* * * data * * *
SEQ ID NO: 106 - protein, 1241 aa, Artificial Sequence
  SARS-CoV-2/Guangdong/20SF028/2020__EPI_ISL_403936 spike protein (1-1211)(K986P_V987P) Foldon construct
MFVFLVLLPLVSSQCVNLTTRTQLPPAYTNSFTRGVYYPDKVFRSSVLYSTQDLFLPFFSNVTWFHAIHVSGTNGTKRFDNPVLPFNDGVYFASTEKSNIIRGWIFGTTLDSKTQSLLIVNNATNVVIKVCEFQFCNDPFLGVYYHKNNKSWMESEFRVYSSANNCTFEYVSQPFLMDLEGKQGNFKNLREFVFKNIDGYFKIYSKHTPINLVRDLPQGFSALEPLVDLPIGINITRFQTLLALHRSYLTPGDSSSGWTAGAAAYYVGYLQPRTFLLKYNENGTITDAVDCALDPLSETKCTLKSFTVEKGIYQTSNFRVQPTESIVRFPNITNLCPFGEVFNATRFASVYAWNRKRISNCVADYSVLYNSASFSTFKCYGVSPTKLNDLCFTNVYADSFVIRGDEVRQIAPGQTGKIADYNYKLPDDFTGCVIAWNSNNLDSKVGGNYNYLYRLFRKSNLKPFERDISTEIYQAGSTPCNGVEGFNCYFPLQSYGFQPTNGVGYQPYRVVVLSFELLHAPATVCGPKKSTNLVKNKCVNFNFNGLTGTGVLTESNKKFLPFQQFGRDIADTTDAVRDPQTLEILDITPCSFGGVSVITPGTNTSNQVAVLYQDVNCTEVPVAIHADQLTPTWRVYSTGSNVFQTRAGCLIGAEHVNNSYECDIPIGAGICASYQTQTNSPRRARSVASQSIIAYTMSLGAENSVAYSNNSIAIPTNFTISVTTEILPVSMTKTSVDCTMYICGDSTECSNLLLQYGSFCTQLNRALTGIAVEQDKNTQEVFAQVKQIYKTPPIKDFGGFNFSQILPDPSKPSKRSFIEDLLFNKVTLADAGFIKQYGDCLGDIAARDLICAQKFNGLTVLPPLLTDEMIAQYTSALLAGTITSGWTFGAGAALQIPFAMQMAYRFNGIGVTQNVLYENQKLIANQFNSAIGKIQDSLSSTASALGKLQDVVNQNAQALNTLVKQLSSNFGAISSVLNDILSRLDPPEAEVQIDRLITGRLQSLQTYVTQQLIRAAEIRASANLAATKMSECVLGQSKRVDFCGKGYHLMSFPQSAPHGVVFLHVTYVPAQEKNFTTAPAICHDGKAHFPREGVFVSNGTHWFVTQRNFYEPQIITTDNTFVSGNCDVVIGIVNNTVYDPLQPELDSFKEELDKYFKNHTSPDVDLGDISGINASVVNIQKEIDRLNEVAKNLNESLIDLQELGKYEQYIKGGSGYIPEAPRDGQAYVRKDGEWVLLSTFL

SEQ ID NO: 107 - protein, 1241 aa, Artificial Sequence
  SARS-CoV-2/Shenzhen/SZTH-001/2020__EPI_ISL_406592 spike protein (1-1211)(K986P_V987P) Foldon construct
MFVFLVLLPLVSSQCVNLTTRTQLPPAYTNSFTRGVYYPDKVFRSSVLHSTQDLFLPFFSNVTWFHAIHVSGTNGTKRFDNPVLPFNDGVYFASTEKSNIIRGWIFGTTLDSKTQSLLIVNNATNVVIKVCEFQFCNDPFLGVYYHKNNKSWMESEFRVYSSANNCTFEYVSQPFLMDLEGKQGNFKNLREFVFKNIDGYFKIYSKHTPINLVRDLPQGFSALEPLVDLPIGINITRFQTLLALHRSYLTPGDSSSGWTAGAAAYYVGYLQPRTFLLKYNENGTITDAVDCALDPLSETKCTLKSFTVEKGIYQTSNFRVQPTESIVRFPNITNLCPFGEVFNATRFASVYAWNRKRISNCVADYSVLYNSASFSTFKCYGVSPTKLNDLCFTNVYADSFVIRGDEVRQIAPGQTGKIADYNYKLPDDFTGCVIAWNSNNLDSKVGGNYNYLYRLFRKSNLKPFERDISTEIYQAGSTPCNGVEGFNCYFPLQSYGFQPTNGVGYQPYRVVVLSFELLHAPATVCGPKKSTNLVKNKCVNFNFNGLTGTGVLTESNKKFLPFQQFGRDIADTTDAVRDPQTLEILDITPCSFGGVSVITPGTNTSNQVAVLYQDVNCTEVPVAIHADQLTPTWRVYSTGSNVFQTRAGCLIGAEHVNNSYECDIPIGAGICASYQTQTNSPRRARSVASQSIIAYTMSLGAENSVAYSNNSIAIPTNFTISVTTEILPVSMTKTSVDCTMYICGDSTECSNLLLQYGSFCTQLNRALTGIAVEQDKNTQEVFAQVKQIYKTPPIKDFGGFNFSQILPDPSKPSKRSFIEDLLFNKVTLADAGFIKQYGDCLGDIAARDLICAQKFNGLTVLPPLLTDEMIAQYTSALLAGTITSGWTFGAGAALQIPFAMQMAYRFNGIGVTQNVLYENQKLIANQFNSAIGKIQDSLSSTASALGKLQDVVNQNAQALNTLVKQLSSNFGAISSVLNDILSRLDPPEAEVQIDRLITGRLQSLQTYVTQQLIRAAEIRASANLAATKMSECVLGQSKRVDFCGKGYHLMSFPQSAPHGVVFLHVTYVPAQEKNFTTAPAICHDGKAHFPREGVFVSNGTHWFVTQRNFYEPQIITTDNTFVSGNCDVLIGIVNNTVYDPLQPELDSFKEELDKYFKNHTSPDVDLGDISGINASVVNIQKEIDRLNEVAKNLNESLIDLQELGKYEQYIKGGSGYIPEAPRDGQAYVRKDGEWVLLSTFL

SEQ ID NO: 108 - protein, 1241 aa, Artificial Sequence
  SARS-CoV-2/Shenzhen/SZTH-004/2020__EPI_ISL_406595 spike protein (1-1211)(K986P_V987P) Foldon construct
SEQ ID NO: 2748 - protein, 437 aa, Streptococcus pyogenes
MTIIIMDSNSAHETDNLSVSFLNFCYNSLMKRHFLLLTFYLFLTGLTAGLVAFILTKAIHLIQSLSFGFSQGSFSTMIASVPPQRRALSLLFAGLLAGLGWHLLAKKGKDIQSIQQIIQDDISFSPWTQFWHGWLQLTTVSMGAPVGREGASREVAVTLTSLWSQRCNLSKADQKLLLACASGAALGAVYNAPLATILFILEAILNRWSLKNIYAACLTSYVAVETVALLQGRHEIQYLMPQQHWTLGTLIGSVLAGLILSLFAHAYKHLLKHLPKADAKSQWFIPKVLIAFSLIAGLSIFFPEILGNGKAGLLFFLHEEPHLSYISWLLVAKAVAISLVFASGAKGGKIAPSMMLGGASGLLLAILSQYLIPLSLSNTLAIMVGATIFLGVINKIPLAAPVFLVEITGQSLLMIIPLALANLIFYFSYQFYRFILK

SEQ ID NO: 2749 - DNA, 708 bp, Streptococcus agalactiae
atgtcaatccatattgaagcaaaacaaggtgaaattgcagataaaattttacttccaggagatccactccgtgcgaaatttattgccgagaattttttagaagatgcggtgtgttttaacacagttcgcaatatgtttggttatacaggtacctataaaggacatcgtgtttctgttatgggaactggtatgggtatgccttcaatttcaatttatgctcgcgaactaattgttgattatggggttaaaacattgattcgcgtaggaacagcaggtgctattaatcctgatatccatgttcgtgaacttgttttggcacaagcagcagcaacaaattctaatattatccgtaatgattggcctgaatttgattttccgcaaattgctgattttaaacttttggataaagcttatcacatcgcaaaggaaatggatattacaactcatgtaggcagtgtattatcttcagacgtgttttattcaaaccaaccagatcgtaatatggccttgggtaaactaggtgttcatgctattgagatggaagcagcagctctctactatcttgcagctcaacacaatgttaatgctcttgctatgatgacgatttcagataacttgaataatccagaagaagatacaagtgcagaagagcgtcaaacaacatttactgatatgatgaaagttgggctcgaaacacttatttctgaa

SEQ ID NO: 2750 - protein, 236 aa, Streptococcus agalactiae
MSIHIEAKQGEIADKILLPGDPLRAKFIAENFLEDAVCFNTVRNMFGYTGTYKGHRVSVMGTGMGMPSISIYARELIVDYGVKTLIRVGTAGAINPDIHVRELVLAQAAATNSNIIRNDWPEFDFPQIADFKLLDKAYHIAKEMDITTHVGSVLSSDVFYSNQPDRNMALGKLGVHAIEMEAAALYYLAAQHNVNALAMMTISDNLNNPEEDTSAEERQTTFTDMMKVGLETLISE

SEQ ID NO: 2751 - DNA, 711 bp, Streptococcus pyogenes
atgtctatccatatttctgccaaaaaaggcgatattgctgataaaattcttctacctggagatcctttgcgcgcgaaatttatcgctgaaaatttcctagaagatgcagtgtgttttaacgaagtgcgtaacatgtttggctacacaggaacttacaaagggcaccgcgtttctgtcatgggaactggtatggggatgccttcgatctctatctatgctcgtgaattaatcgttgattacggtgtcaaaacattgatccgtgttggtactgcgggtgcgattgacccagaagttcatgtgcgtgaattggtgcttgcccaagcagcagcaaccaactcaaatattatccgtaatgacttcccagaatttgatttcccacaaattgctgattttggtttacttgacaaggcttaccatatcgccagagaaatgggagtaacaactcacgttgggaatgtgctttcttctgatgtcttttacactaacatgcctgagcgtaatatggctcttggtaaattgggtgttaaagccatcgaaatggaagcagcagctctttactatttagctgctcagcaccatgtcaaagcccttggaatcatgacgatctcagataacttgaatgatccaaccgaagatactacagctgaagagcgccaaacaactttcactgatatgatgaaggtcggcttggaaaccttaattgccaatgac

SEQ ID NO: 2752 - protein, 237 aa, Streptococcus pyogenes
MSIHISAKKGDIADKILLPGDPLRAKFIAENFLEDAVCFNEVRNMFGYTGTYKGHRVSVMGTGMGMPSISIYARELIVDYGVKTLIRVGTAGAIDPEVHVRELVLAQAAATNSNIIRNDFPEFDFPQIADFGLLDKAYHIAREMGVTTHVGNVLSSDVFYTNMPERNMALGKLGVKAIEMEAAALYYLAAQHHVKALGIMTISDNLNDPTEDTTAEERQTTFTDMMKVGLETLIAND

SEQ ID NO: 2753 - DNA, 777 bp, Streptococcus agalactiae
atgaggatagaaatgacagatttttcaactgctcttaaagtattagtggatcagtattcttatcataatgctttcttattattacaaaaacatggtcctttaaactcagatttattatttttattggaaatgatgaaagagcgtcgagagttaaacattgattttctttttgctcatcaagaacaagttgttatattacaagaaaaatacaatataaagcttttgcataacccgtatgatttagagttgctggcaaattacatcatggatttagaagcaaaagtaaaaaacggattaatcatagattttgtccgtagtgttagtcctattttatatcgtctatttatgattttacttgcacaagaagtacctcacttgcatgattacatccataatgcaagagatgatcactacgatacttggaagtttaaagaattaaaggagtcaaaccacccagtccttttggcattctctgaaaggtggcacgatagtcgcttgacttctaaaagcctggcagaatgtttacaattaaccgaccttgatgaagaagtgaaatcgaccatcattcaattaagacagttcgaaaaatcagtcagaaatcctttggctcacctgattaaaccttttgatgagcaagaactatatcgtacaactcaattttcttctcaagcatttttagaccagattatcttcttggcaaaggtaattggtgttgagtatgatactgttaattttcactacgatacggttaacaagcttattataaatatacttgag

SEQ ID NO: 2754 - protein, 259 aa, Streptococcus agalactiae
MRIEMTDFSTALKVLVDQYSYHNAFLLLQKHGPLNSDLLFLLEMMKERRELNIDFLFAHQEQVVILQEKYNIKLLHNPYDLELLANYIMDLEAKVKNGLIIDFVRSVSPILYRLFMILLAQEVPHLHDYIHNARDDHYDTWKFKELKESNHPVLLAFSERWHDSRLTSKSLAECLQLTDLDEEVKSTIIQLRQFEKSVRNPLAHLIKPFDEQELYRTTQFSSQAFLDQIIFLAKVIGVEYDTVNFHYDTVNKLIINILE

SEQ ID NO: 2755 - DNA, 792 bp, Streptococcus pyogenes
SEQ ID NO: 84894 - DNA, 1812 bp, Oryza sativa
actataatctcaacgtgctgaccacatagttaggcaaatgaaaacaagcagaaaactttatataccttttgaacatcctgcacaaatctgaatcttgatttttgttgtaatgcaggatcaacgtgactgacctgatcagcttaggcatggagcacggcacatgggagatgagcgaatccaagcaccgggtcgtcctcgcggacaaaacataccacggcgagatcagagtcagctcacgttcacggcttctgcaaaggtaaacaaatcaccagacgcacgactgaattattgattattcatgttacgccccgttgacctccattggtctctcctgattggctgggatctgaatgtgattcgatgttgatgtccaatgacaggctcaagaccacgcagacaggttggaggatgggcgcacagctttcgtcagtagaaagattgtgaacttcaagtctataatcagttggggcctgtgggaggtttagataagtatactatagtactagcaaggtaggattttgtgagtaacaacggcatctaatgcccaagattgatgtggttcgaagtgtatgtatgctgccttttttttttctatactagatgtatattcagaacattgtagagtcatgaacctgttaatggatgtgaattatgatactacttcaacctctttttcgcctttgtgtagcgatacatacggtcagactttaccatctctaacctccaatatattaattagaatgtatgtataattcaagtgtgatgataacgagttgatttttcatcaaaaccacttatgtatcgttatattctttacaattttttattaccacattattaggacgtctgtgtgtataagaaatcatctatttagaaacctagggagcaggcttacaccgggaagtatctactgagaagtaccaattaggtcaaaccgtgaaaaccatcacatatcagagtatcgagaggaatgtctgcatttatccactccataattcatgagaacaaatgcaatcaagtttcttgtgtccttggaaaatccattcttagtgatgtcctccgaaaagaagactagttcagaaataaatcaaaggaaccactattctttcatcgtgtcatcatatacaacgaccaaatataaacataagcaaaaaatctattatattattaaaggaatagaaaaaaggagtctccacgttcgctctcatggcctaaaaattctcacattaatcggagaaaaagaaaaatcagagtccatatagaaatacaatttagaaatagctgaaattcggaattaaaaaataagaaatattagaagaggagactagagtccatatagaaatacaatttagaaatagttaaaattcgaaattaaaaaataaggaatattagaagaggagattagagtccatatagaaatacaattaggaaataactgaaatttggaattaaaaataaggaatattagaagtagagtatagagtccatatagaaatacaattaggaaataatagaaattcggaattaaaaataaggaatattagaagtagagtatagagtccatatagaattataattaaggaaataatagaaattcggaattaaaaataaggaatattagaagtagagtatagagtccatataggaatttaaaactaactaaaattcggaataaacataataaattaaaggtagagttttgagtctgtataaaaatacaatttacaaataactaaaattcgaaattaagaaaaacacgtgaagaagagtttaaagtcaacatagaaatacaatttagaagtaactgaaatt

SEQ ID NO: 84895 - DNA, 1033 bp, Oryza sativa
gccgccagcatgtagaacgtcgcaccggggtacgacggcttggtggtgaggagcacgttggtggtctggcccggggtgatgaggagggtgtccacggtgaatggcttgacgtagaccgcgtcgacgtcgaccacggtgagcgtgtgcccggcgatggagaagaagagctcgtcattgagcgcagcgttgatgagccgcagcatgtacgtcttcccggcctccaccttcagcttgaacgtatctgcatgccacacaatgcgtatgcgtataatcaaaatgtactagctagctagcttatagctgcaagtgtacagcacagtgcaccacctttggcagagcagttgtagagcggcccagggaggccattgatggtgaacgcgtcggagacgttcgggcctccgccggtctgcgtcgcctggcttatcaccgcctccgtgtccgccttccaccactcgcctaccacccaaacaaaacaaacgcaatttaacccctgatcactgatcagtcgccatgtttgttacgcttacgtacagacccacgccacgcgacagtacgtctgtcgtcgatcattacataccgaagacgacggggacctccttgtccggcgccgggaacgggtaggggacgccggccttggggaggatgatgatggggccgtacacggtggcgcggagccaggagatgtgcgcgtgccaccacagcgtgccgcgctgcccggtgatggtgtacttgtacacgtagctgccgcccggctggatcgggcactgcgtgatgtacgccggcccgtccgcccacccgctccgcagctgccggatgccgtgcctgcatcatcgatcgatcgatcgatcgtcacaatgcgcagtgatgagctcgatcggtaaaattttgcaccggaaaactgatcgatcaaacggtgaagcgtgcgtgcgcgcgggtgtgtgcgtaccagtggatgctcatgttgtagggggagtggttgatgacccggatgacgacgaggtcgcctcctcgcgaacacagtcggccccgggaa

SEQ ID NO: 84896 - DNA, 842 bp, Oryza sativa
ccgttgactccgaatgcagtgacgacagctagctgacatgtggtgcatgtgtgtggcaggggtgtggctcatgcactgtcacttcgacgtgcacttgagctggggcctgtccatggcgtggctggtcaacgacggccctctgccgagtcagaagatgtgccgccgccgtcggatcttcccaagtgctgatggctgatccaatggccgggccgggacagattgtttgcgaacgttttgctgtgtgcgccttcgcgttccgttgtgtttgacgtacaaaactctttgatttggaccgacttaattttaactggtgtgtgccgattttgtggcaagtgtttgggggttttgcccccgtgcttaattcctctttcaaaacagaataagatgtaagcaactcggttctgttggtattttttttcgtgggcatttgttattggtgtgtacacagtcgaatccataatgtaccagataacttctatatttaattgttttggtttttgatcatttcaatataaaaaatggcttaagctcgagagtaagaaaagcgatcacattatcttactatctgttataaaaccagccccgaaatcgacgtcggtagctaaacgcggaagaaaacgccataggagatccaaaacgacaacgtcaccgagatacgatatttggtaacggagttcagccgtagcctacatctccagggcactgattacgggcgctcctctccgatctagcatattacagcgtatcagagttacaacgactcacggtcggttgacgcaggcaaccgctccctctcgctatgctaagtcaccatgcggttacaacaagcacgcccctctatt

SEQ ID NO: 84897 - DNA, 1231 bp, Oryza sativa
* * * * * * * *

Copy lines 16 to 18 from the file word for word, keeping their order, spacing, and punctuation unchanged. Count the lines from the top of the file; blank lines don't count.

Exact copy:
atgtctatccatatttctgccaaaaaaggcgatattgctgataaaattcttctacctggagatcctttgcgcgcgaaatttatcgctgaaaatttcctagaagatgcagtgtgttttaacgaagtgcgtaacatgtttggctacacaggaacttacaaagggcaccgcgtttctgtcatgggaactggtatggggatgccttcgatctctatctatgctcgtgaattaatcgttgattacggtgtcaaaacattgatccgtgttggtactgcgggtgcgattgacccagaagttcatgtgcgtgaattggtgcttgcccaagcagcagcaaccaactcaaatattatccgtaatgacttcccagaatttgatttcccacaaattgctgattttggtttacttgacaaggcttaccatatcgccagagaaatgggagtaacaactcacgttgggaatgtgctttcttctgatgtcttttacactaacatgcctgagcgtaatatggctcttggtaaattgggtgttaaagccatcgaaatggaagcagcagctctttactatttagctgctcagcaccatgtcaaagcccttggaatcatgacgatctcagataacttgaatgatccaaccgaagatactacagctgaagagcgccaaacaactttcactgatatgatgaaggtcggcttggaaaccttaattgccaatgac

SEQ ID NO: 2752 - protein, 237 aa, Streptococcus pyogenes
MSIHISAKKGDIADKILLPGDPLRAKFIAENFLEDAVCFNEVRNMFGYTGTYKGHRVSVMGTGMGMPSISIYARELIVDYGVKTLIRVGTAGAIDPEVHVRELVLAQAAATNSNIIRNDFPEFDFPQIADFGLLDKAYHIAREMGVTTHVGNVLSSDVFYTNMPERNMALGKLGVKAIEMEAAALYYLAAQHHVKALGIMTISDNLNDPTEDTTAEERQTTFTDMMKVGLETLIAND